Page:Men of the Time, eleventh edition.djvu/587

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the curacies of Christ Church, Dover (1860-61), and of St. Mary's, Marylebone (1861-63), he was appointed in 1863 vicar of St. Luke's Church, Edgware Boad, and he held the rectory of Frant, Sussex, from 1868 to 1871, and the vicarage of St. Michael, Chester Square, from 1871 to 1873. In the latter year he was appointed to the important vicarage of Sheffield, and he was made Rural Dean of Sheffield in the following year. He was also a Canon of York Cathedral (1876), and Chaplain to the Marquis of Abergavenny. In 1877 he was presented by the Crown, on the recommendation of the Earl of Beaconsfield, to the See of Sodor and Man, in succession to the late Bishop Powys; and he was consecrated on Aug. 24) in York Minster. In religious opinions Bishop Hill is a moderate Evangelical. He is the author of "Sunday Lessons" on "The Collects," "The Gospels," "The Church Catechism," and "The Titles of our Lord" and of various sermons and tracts. He married in 1863 Caroline Maud, second daughter of Capt. Alfred Chapman, R.N., of Eton Place.

HILLS, The Right Rev. George, D.D., Bishop of Columbia, eldest son of the late Bear- Admiral George Hills, was born at Eyethorn, Kent, in 1816. He was ordained deacon in 1827, and priest in 1829. His academical education he received in the University of Durham, where he graduated B.A. in 1835, M.A. in 1838, and D.D. in 1858. He was appointed lecturer of Leeds parish church in 1841; incumbent of St. Mary's, Leeds, in 1846; vicar of Great Yarmouth in 1848; and honorary canon of Norwich Cathedral in 1850. He was also elected proctor for Norwich in Convocation, and was chaplain to the union and gaol of Great Yarmouth until he was consecrated the first Bishop of British Columbia in 1859. He married in 1865 Mary Philadelphia Louisa, eldest daughter of the late Admiral Sir Richard King, Bart., K.C.B.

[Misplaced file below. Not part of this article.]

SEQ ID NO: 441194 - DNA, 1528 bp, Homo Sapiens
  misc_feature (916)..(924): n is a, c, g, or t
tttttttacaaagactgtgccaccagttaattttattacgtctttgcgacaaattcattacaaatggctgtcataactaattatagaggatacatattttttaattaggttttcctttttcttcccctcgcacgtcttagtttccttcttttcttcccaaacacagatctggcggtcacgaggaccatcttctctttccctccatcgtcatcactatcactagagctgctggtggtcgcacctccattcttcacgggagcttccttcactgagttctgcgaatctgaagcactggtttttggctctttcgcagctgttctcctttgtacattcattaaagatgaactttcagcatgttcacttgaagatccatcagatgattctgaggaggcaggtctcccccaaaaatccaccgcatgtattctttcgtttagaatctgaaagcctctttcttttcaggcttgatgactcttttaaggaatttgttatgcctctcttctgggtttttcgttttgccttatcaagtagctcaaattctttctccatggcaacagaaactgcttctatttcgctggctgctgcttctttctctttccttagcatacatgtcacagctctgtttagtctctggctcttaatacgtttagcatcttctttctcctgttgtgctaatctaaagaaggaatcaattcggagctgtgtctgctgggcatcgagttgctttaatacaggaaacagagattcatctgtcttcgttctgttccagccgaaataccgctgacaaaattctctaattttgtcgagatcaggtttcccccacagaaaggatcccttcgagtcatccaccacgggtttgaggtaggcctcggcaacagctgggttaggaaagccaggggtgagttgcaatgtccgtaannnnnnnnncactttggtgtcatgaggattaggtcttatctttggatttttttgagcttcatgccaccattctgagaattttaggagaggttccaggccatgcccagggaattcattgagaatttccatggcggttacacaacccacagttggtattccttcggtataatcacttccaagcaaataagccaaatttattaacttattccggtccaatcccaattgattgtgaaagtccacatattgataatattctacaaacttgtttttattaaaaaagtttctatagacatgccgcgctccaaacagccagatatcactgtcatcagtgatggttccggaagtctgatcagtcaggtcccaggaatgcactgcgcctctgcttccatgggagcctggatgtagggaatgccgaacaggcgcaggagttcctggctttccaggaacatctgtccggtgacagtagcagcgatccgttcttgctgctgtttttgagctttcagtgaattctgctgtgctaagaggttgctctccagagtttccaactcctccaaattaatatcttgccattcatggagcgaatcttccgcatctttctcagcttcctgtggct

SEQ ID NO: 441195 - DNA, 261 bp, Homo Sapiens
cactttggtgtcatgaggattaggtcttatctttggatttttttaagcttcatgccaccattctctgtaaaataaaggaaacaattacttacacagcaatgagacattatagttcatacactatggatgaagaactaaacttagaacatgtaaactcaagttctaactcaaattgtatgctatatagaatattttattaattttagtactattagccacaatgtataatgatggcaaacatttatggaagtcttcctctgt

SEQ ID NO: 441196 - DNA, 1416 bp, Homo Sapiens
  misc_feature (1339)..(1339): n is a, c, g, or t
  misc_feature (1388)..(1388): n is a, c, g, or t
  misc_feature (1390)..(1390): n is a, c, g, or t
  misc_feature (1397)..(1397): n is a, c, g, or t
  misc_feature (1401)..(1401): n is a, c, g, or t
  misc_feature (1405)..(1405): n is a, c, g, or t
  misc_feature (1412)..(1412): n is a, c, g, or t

HINCKS, Sir Francis, K.C.M.G., C.B., a native of Cork, brother of the late Rev. E. Hincks, the archaeologist, was born at Cork, in 1807, and after receiving his education at the Royal Belfast Institution, settled in Canada, where he became a member of the Provincial Parliament. A strenuous advocate of "responsible government," he maintained, in opposition "to what had been previously the recognized theory, that the Governor of Canada should govern through ministers possessing the confidence of the Provincial Parliament, and responsible to it. After a long struggle the complete recognition of this principle was obtained from the Home Government. Soon after he became Prime Minister, and held this office for some years under the late Lord Elgin. On ceasing to command a majority in Parliament, he retired. He was appointed Governor of Barbadoes in 1855, and was Governor of British Guiana from 1862 to 1869, when he retired, and was made a Knight Commander of th6 Order of St. Michael and St. George. On October 11, 1869, he was sworn in as Finance Minister of the Dominion of Canada, in the place of the Hon. John Bose, resigned, and held that office till 1873, when he retired from public life.

HIND, John Russell, F.R.S., astronomer, was the son of a lace-manufacturer, who was one of the first introducers of the Jacquard loom into Nottingham. He was born there May 12, 1823. From the age of six his mind was intent on the study of astronomy. In 1839-40 he contributed a number of astronomical notes to the Nottingham Journal and Dearden's Miscellany. As an assistant to a civil engineer, he was sent, in 1840, to London, but he sought an appointment more in accordance with his tastes. By the proposition of Professor Wheat-